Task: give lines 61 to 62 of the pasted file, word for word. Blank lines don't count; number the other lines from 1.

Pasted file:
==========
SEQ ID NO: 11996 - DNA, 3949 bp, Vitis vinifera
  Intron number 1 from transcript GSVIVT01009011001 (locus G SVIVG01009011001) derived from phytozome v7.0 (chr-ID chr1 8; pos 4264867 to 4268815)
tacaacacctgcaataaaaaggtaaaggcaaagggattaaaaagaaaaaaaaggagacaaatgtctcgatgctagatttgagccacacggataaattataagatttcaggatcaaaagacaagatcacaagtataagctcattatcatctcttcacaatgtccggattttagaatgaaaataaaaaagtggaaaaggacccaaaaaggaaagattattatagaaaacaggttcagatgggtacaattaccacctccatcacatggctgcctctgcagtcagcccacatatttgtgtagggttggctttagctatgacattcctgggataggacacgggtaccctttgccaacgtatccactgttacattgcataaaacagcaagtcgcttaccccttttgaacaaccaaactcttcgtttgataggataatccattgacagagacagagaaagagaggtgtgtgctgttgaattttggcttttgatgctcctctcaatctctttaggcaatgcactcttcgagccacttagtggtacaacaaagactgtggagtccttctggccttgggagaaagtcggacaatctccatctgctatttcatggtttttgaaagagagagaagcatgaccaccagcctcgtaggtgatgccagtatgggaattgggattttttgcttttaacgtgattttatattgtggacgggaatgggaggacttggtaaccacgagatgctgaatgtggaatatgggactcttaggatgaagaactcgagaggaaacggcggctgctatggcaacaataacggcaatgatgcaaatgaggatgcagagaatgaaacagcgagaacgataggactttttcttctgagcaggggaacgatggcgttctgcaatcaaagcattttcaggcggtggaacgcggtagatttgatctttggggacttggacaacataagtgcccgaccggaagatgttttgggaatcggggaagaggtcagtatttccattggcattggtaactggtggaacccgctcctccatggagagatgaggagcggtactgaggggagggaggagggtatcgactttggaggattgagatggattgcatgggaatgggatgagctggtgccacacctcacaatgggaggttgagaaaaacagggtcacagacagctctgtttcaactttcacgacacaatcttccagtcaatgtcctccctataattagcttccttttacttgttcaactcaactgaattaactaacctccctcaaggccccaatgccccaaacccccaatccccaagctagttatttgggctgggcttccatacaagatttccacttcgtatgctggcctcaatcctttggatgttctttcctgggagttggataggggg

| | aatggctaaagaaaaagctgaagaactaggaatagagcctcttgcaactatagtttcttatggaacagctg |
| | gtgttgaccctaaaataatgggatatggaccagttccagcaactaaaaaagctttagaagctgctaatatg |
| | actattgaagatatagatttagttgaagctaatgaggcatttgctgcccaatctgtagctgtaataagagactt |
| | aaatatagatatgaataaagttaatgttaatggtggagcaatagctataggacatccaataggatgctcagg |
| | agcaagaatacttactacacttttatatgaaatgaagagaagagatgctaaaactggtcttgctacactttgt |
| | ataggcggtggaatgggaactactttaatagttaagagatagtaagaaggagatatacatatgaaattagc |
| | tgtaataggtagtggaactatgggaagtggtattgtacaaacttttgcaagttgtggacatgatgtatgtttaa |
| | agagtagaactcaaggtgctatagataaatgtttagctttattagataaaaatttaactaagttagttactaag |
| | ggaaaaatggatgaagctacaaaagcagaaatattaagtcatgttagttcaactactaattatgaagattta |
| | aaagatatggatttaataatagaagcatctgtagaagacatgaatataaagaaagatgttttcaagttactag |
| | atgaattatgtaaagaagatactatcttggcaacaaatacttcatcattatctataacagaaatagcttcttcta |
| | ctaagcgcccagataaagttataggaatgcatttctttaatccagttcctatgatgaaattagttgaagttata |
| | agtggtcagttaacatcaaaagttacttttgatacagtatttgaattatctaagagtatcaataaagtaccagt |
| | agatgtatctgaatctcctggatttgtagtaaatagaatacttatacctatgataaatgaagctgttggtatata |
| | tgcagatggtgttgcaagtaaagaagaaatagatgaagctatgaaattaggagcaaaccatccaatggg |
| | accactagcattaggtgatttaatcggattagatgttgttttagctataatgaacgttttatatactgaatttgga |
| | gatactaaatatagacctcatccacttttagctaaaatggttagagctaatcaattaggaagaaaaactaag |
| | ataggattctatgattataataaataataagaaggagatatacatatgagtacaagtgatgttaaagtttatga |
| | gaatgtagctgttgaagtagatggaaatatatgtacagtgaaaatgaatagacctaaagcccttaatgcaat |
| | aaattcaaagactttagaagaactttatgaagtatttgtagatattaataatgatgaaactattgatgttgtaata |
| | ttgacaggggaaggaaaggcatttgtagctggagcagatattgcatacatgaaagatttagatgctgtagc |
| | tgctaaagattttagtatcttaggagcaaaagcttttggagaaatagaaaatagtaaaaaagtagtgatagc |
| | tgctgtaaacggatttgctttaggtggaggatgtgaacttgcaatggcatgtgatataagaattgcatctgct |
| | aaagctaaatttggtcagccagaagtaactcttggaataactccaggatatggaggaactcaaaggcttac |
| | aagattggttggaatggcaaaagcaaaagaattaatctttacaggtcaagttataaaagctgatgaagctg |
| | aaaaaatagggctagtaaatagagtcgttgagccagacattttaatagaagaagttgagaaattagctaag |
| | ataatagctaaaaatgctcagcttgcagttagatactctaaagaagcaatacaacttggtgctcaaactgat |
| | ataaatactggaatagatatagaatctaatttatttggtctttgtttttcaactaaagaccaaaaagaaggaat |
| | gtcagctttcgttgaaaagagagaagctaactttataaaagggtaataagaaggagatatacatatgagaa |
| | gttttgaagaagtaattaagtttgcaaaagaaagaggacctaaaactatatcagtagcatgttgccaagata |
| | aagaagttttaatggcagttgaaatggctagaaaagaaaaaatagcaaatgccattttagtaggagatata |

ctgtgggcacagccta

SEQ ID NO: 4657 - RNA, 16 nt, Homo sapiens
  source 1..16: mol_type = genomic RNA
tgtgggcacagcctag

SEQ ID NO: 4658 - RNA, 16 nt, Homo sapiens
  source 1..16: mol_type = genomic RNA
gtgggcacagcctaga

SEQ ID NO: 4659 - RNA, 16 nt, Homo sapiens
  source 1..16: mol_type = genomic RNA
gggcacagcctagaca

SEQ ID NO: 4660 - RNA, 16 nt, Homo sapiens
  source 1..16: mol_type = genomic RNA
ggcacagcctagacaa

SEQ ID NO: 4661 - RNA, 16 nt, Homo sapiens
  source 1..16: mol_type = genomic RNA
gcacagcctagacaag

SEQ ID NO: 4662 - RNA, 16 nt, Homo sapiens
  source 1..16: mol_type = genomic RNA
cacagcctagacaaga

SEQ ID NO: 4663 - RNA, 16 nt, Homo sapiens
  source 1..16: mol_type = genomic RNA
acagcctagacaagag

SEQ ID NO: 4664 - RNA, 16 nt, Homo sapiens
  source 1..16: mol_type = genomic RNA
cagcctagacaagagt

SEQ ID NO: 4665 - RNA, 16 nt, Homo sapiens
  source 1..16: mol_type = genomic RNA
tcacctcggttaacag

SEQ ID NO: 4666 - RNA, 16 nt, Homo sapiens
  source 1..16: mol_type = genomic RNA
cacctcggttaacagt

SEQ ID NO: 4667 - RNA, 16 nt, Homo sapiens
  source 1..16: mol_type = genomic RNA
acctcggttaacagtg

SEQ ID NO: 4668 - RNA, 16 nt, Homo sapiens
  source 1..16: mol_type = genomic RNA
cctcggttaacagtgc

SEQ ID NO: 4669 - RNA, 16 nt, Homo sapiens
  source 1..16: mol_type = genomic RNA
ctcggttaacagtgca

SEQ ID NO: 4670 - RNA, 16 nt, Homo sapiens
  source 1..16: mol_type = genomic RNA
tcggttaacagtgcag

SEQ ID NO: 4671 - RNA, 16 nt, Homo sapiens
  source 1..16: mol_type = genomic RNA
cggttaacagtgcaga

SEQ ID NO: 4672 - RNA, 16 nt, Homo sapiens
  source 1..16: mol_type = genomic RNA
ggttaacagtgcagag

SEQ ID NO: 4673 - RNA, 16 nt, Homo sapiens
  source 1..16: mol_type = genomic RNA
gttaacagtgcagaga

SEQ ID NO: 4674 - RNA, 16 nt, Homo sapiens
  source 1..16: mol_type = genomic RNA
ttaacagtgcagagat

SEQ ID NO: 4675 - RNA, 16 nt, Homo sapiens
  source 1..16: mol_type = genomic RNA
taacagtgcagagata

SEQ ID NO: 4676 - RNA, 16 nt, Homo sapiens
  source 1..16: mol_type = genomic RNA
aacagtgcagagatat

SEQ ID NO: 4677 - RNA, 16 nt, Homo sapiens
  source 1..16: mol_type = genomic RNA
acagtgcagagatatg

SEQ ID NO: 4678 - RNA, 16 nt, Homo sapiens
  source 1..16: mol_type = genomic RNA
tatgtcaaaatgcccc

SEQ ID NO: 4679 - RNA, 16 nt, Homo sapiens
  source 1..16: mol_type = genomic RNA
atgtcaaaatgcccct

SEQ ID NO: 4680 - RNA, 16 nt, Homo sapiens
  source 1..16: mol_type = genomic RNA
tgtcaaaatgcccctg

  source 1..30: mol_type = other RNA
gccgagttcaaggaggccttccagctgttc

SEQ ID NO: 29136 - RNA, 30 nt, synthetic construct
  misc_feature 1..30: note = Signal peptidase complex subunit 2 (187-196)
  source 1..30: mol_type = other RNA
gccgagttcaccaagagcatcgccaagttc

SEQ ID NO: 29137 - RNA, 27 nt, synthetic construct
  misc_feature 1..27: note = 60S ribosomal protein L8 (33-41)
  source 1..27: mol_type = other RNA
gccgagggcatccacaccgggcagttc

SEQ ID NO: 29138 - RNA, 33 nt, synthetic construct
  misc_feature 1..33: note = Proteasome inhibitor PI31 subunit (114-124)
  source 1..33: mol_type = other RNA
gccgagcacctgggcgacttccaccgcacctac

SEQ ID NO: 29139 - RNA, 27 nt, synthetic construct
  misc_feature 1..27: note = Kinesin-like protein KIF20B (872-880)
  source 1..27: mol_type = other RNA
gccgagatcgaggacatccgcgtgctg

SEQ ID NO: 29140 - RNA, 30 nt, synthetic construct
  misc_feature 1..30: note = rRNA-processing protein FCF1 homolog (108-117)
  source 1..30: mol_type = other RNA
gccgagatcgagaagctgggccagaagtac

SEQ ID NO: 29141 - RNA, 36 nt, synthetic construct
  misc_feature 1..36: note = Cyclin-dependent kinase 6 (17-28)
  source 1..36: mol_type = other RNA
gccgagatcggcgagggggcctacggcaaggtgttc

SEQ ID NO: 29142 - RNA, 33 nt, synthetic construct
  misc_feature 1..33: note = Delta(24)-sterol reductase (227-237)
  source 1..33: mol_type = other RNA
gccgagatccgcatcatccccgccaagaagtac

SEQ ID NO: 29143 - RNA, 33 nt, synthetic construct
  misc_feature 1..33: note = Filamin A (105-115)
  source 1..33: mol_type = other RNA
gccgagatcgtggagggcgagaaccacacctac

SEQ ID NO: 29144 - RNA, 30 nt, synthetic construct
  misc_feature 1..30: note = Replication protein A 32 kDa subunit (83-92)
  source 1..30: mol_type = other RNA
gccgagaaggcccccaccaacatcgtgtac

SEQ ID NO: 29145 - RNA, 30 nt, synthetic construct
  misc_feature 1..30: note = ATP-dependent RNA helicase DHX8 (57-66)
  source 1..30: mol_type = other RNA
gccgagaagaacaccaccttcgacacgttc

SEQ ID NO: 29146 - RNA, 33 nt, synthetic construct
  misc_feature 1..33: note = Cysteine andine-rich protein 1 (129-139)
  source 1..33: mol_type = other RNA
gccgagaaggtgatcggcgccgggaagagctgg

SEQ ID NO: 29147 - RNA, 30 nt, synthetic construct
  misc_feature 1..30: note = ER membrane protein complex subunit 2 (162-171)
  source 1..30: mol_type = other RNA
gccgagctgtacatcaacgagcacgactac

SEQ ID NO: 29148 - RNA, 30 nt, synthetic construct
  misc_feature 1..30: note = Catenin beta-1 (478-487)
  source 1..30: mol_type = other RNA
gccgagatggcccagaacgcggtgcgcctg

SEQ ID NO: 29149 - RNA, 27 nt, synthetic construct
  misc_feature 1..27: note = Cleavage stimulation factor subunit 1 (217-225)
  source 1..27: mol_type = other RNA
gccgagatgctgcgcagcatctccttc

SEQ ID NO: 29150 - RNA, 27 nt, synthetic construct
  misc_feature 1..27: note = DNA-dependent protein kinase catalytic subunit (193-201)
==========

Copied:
  source 1..16: mol_type = genomic RNA
tcacctcggttaacag